Namibia launches project to tackle human-wildlife conflict, wildlife crime

Namibia on Monday commissioned the Human-Wildlife Conflict (HWC)-Wildlife Crime (WC) Project aimed at incentivising wildlife conservation through proactive management of the conflict and crime.

The HWC and WC are also currently delivering wildlife-based benefits to rural communities in targeted hotspot landscapes.

Namibia’s Minister of Environment, Forestry, and Tourism, Pohamba Shifeta at the launch event in Windhoek said HWC and WC are affecting the environment, economy, and community livelihoods.

Shifeta said the project would look at the management, prevention, and mitigation of HWC.

According to him, the HWC would combat crime, protect wildlife populations and build a wildlife-based economy to promote co-existence between wildlife.

He said the project would also promote relationships between people as well as knowledge management, stakeholder coordination, and monitoring and evaluation.

According to the minister, the project will run for six years from 2022 to 2027 with a total budget of 6.2 million U.S. dollars co-financed by the Global Environmental Facility.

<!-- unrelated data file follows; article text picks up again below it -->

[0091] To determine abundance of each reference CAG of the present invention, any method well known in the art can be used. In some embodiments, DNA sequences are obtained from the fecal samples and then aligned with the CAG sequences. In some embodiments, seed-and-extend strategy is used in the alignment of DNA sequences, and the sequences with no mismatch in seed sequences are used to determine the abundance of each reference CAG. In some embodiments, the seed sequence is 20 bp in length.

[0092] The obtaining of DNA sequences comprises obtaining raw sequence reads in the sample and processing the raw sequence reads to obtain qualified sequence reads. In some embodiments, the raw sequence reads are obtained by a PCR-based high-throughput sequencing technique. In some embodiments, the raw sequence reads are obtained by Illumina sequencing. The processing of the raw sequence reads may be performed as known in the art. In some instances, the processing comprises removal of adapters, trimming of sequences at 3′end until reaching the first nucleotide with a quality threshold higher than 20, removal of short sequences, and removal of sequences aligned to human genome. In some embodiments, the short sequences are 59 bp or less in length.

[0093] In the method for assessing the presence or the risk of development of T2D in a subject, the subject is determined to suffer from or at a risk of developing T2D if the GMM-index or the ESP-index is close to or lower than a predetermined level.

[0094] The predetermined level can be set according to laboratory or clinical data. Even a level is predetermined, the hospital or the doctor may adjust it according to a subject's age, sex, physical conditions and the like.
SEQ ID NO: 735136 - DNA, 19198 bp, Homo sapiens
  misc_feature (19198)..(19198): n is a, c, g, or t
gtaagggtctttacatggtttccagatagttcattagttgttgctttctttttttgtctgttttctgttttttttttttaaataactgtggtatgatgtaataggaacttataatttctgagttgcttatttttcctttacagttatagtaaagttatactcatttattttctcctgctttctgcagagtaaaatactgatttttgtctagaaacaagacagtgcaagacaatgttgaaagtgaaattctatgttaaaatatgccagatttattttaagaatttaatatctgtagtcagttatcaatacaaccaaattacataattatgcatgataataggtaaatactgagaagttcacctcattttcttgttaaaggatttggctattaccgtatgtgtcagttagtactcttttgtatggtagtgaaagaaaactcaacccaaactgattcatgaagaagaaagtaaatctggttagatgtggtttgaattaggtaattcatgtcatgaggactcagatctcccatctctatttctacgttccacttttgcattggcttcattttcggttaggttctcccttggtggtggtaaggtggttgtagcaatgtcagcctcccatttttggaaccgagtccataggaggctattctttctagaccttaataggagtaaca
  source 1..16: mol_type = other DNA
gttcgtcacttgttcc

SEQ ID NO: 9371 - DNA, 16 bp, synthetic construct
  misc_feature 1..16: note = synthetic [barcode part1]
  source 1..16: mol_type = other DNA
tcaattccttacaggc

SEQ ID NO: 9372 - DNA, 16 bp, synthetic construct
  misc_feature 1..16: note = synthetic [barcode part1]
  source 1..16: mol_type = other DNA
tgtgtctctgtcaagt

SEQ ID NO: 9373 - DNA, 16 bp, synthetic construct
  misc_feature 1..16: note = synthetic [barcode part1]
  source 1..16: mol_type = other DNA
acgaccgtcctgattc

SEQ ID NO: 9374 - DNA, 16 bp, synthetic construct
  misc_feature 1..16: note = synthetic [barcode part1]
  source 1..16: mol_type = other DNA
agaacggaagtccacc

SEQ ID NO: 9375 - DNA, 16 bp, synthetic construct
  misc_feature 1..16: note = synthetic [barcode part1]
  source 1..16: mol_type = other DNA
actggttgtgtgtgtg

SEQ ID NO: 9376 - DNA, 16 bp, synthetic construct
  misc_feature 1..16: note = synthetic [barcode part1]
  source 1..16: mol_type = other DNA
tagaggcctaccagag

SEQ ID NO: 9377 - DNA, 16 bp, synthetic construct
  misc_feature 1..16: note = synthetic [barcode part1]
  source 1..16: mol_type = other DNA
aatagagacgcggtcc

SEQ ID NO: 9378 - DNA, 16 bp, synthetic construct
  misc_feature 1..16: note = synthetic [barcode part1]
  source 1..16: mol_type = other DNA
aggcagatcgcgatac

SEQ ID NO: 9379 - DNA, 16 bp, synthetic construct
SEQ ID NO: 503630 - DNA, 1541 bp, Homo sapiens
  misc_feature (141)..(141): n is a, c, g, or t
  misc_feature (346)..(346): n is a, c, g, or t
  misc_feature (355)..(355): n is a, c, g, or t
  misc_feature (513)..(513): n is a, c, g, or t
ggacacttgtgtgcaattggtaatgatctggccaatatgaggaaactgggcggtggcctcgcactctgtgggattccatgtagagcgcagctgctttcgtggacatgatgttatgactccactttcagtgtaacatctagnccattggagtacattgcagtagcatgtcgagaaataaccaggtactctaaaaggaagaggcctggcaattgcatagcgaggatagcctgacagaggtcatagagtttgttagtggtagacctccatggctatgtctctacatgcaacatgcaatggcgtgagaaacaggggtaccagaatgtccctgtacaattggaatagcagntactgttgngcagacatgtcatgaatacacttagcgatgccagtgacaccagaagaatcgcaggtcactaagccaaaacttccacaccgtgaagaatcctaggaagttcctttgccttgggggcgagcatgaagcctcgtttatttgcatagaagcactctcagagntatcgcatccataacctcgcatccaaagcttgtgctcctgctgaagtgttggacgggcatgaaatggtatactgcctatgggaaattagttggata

Shifeta said Namibia is dealing with a twin challenge as both HWC and WC issues pose a huge challenge to deal with, particularly due to limited financial, technical, and human resources needed to successfully manage these conflicts, amid increasing records of incidences.

“Hardly a day passes by without receiving a report on HWC. This is mostly a result of human encroachment on wildlife corridors or habitats, which exposes livestock, human lives, and property to predation, losses, and damage,” he said.

He stated that as frustration sets in, humans resort to killing wild animals.

He said the situation did not only exacerbate the loss of biodiversity but also affected the economy negatively.

The minister said some of the vulnerable species often killed were highly valuable and contributed significantly to tourism in the country.


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